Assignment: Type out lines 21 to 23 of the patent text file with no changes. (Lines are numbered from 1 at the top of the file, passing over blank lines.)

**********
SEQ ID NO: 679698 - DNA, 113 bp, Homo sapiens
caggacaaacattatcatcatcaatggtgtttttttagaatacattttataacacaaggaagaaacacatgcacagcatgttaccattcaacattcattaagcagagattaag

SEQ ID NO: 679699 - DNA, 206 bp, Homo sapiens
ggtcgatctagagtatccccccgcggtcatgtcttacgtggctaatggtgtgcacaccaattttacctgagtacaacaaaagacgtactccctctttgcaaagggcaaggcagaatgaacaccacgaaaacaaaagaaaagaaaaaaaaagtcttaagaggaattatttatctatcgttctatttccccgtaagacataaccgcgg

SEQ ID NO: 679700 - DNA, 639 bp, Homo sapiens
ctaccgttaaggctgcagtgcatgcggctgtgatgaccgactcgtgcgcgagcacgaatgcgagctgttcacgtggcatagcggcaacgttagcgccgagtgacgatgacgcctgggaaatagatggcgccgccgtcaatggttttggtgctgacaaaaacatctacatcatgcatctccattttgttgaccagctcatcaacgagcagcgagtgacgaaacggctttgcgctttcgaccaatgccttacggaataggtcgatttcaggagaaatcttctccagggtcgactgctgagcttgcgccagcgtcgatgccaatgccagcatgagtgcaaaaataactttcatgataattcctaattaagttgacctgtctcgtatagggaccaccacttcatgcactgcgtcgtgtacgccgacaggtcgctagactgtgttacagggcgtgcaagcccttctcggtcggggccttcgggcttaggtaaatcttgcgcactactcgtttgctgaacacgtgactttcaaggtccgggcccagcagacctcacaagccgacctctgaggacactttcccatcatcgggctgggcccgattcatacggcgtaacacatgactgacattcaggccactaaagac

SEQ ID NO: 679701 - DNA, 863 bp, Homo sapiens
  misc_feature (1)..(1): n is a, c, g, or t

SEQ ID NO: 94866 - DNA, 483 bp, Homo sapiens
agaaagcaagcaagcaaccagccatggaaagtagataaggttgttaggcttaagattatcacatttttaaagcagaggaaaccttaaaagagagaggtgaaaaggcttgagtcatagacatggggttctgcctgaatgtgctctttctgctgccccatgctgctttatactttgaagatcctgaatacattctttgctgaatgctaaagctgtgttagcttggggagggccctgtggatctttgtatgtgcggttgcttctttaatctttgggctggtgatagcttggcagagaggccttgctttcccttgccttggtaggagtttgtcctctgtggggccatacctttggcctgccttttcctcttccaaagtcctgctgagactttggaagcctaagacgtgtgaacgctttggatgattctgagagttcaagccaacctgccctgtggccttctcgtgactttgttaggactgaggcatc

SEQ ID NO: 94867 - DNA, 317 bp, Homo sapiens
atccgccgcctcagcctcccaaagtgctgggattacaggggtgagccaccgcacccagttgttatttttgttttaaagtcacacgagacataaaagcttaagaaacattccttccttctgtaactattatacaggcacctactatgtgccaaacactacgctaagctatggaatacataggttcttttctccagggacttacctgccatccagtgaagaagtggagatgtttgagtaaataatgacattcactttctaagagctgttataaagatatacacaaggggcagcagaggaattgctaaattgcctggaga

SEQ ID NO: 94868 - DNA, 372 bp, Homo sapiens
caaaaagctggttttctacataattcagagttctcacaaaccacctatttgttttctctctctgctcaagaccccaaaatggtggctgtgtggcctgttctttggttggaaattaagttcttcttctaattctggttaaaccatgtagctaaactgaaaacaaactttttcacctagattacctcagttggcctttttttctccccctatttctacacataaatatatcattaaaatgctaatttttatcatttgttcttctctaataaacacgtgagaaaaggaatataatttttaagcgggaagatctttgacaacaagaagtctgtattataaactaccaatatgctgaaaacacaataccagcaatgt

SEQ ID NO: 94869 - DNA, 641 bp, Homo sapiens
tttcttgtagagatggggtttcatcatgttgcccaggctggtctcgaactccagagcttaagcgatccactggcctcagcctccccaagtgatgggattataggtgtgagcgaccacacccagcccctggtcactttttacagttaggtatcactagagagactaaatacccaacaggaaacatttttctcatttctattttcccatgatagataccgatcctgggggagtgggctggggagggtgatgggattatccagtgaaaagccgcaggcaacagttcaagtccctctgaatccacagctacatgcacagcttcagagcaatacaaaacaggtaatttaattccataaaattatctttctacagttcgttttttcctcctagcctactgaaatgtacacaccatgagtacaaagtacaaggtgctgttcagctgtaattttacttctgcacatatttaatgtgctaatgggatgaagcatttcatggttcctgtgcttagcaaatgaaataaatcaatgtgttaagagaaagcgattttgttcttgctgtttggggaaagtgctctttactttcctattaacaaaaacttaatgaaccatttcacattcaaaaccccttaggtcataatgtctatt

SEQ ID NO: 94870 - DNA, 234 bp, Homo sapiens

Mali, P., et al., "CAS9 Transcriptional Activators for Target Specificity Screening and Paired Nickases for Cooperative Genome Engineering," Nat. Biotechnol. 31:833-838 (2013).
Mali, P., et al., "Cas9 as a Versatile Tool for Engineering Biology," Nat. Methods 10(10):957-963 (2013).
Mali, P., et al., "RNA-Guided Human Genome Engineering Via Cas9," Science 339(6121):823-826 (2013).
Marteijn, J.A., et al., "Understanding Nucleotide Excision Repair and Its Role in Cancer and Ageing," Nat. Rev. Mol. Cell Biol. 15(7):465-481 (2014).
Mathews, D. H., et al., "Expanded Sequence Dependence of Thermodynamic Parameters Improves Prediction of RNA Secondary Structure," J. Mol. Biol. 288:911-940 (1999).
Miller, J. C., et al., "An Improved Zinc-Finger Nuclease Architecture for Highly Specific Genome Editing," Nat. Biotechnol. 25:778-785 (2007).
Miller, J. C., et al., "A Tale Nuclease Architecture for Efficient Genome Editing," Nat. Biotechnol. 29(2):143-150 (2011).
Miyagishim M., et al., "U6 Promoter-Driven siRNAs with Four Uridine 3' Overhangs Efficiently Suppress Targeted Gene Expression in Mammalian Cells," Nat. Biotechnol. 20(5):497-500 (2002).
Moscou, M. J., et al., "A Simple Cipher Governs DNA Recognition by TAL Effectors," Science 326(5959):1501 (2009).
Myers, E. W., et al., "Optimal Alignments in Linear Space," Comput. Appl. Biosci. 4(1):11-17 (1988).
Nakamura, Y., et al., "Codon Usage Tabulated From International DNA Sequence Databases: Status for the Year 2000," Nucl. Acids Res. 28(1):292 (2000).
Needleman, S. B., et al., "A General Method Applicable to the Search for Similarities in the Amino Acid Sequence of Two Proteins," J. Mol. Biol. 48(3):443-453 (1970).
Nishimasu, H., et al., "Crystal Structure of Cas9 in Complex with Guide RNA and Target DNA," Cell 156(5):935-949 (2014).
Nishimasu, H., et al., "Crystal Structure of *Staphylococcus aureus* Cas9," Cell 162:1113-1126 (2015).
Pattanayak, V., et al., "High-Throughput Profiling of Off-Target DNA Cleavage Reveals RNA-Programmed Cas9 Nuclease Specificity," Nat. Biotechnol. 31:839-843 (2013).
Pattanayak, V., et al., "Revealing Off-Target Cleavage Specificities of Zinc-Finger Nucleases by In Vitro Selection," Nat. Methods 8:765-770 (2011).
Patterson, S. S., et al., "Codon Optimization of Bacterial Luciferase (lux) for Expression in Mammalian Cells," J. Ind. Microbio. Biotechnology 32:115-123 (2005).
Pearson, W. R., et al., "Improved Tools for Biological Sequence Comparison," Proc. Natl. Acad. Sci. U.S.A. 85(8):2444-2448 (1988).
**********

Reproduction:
Marteijn, J.A., et al., "Understanding Nucleotide Excision Repair and Its Role in Cancer and Ageing," Nat. Rev. Mol. Cell Biol. 15(7):465-481 (2014).
Mathews, D. H., et al., "Expanded Sequence Dependence of Thermodynamic Parameters Improves Prediction of RNA Secondary Structure," J. Mol. Biol. 288:911-940 (1999).
Miller, J. C., et al., "An Improved Zinc-Finger Nuclease Architecture for Highly Specific Genome Editing," Nat. Biotechnol. 25:778-785 (2007).